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Rsync Basics

Posted: Sat 2nd Jun 2007, 8:06pm
Tags: debian

The rsync man page describes rsync as a "faster, flexible replacement for rcp". Rsync is used for copying files from between remote hosts and local filesystems although it can also be used to copy files from locations on the same filesystem.

Here is a quick rsync test where we setup a directory root with two files test1 and test2 and rsync them to another directory backup with the command rsync -av root/ backup/. Here's the shell output:

james@bose:~$ mkdir root
james@bose:~$ cd root/
james@bose:~/root$ echo "Test1" > test1
james@bose:~/root$ echo "Test2" > test2
james@bose:~/root$ ls -li
total 8
33132 -rw-r--r-- 1 james james 6 2007-06-02 18:03 test1
33182 -rw-r--r-- 1 james james 6 2007-06-02 18:03 test2
james@bose:~/root$ cd ..
james@bose:~$ mkdir backup
james@bose:~$ rsync -a -v root/ backup/
building file list ... done

sent 209 bytes  received 70 bytes  558.00 bytes/sec
total size is 12  speedup is 0.04
james@bose:~$ ls -li backup/
total 8
33184 -rw-r--r-- 1 james james 6 2007-06-02 18:03 test1
33187 -rw-r--r-- 1 james james 6 2007-06-02 18:03 test2

The -a option copies files in archive mode and the -v option stands for verbose and outputs information while rsync is working. You can also use -vv and -vvv to get progressively more verbose messages.

This works nicely but it is much more interesting to copy files from a remote server. Using the -e option we can specify the remote shell to use, in this case ssh. You can also specify the remote shell by setting the RSYNC_RSH environment variable instead of specifying a value with -e.

rsync -a -v -e ssh user@3aims.com: web10

This copies user's home directory to a directory called web10 on the local machine. Bear in mind rsync will only be able to copy files which the user you specified has permissions to.

To specify a different remote directory you can put a path after the : character, for example:

rsync -a -v -e ssh user@3aims.com:/home/user web10

You might want to customise how the remote shell behaves, for example this might be a better option for the backups:

rsync -a -v -e "ssh -c arcfour -o Compression=no -x" user@3aims.com:/home/user web10

Here is what the options to -e mean:

If bandwidth is a problem you might want to use the -z option to have rsync compress data it sends across the network. If you are using rsync compression it makes sense not to use ssh's compression in the way demonstrated above. Here's the command using rsync compression:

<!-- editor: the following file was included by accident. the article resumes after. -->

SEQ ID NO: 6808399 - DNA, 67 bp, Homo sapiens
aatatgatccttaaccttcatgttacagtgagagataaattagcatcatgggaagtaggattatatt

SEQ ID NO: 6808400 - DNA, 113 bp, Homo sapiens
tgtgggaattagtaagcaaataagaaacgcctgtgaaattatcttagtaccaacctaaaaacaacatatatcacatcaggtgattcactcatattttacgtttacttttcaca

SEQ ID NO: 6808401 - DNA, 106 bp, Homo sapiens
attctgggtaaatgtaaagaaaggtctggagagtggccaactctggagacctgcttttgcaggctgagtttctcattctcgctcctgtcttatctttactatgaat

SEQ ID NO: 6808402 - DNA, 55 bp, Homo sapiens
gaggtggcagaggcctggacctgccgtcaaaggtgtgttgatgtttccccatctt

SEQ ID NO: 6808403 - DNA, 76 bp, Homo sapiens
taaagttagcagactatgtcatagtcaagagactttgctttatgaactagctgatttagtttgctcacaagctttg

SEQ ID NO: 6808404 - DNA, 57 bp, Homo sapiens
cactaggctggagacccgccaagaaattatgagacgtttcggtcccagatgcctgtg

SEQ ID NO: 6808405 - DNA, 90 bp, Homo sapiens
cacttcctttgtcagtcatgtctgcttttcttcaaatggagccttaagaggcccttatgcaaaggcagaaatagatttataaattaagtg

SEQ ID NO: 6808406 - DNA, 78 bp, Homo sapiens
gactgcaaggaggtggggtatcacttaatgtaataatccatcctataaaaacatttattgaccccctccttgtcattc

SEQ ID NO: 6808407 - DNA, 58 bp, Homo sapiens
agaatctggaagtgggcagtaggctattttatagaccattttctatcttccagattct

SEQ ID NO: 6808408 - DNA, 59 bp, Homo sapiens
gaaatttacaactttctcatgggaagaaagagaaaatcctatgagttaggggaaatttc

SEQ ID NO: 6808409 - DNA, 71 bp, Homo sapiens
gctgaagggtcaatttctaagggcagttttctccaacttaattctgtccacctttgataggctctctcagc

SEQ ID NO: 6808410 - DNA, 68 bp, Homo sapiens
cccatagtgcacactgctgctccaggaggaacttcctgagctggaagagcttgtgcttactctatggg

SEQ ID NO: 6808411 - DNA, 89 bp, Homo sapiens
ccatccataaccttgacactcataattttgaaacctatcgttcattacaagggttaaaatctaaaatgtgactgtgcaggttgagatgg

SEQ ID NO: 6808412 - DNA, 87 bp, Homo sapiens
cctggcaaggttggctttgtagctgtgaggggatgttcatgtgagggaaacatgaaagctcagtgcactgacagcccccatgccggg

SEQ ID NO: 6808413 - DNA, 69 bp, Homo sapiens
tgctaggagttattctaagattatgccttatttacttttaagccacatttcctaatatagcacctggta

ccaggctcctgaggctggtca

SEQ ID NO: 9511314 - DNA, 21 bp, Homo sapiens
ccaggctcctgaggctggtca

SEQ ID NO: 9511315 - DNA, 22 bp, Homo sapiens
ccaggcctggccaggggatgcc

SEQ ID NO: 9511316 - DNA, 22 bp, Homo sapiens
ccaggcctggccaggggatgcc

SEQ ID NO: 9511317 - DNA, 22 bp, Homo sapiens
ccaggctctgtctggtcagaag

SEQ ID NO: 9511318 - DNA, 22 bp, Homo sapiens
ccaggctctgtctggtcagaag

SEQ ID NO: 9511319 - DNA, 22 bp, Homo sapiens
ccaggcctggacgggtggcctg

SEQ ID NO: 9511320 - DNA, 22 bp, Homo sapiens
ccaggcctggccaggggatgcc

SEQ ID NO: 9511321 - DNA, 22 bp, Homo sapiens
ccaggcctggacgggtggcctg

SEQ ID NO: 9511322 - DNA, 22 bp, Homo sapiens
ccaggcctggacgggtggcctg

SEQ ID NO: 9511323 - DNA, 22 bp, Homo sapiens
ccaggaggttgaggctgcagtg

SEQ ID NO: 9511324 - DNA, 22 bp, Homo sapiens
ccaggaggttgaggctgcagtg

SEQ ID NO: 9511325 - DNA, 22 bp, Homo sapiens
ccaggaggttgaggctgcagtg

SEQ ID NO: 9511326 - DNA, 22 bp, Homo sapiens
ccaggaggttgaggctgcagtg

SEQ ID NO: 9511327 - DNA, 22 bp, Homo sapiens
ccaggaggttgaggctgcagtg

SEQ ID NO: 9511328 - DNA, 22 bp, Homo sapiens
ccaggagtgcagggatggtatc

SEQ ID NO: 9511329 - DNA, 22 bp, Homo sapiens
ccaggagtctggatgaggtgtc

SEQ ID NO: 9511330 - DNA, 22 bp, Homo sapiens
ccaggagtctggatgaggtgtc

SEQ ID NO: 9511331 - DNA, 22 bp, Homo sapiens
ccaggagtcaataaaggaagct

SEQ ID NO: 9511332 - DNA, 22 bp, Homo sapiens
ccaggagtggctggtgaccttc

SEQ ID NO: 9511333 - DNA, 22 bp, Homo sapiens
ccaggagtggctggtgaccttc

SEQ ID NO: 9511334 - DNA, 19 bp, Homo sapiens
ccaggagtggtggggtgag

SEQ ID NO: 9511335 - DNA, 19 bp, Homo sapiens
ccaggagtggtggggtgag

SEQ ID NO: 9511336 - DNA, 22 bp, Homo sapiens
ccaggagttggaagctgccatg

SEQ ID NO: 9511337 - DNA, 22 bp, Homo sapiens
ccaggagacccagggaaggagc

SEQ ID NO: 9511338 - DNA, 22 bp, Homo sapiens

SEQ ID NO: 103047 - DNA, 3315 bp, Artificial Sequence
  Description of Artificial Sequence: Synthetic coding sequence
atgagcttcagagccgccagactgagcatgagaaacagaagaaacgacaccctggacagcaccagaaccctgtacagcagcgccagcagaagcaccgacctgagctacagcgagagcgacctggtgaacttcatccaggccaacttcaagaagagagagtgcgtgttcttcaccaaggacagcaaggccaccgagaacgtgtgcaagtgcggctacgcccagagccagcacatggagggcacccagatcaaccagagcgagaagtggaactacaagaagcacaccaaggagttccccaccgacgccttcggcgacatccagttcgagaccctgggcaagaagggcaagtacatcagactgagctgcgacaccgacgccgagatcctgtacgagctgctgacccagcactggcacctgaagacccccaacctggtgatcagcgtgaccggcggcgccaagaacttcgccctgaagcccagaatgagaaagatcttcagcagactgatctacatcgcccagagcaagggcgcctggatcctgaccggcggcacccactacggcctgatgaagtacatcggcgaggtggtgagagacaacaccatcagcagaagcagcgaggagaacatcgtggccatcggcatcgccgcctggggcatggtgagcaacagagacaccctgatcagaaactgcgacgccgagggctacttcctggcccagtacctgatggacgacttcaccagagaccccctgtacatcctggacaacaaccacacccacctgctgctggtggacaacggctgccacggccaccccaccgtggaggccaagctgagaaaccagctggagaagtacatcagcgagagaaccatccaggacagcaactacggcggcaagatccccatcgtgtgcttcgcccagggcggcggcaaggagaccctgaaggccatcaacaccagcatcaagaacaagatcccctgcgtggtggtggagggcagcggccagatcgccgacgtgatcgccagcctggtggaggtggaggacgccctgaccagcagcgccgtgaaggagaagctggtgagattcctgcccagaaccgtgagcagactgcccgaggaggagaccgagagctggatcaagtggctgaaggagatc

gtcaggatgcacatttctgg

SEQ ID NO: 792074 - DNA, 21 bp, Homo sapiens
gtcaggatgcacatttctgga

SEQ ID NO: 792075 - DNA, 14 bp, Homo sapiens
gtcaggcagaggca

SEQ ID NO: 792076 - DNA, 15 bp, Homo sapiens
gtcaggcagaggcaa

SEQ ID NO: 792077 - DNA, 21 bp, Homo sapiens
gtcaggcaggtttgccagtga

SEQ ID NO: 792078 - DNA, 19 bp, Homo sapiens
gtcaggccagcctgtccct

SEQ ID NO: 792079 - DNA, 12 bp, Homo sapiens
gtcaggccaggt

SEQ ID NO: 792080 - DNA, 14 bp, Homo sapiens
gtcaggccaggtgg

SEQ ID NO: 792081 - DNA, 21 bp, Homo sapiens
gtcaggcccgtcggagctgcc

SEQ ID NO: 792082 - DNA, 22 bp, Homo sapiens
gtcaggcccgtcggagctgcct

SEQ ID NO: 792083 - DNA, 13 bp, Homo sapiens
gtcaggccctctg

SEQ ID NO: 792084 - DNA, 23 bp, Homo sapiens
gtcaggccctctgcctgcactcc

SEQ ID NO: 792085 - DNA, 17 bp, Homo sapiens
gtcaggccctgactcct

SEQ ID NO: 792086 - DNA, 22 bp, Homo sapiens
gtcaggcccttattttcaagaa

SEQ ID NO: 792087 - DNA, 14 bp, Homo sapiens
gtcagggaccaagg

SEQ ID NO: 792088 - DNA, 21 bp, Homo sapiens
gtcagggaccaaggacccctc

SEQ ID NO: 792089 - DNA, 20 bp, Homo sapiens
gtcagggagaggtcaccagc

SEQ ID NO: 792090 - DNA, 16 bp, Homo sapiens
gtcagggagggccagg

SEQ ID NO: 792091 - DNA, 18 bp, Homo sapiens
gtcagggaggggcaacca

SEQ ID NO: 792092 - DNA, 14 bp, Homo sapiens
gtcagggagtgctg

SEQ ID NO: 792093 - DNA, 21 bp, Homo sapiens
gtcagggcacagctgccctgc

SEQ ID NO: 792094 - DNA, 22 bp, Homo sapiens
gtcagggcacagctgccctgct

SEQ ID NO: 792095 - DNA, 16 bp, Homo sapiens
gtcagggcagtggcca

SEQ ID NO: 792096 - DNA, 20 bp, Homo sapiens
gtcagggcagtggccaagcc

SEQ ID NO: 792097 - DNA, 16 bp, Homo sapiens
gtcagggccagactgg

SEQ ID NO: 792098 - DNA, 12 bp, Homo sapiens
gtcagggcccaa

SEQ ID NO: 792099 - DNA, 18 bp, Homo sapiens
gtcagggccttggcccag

rsync -a -v -z -e "ssh -c arcfour -o Compression=no -x" user@3aims.com:/home/user web10

If you want to test these how effective each of these commands are you will need to delete the web10 directory rsync creates otherwise rsync will only copy files which have changed. Whilst that's normally what you want, it isn't too useful for tests.

Finally, since rsync is very efficient it can saturate a network connection. If you still want to be able to use your network connection whilst rsync is running you can use the --bwlimit option which allows you to specify a maximum transfer rate in kilobytes per second. Due to the nature of rsync transfers, blocks of data are sent, then if rsync determines the transfer was too fast, it will wait before sending the next data block. The result is an average transfer rate equaling the specified limit. For example to limit rsync to using 100KB/sec you could do this:

rsync -a -v -z --bwlimit=100 -e "ssh -c arcfour -o Compression=no -x" user@3aims.com:/home/user web10

You might also want to use --progress so that rsync prints out a %completion and transfer speed while transferring large files (but this isn't worth adding if you are running from a cron job). If you are performing a backup which you think you might want to restore at some point in the future you should use --numeric-ids. This tells rsync to not attempt to translate UID <> userid or GID <> groupid which is very important for avoiding permission problems when restoring. You might also want the -H option which forces rsync to maintain hardlinks on the server and the -x option which causes rsync to only copy files from one filesystem and not any other files which might be mounted as part of that directory structure. You can also use the --delete option which deletes files from the backup if they don't exist on the server. If you use --delete the files are deleted before the copying starts.

Putting this all together the command I use to backup one of my servers looks something like this:

rsync -aHxvz --delete --progress --numeric-ids -e "ssh -c arcfour -o Compression=no -x" root@example.com:/ pauli/

Bear in mind rsync is not much good at backing up databases such as MySQL because they frequently store information information in memory so although you may have a copy of the database files, when you restore them you might find the information they contain is corrupt.

For further reading about rsync have a look at the rsync man page or Kevin Korb's rsync article.


James Gardner &raquo; Incremental Backups using Rsync


2007-06-02 23:43

[...] you do this simply by copying all the files each time in a similar way to the one described in my my last rsync article you will quickly run out of disk space on the backup [...] :URL: http://jimmyg.org/2007/06/02/incremental-backups-using-rsync/



2007-12-30 21:47


skioyyjn... :URL: http://www.google.com/search?q=ykqvokjb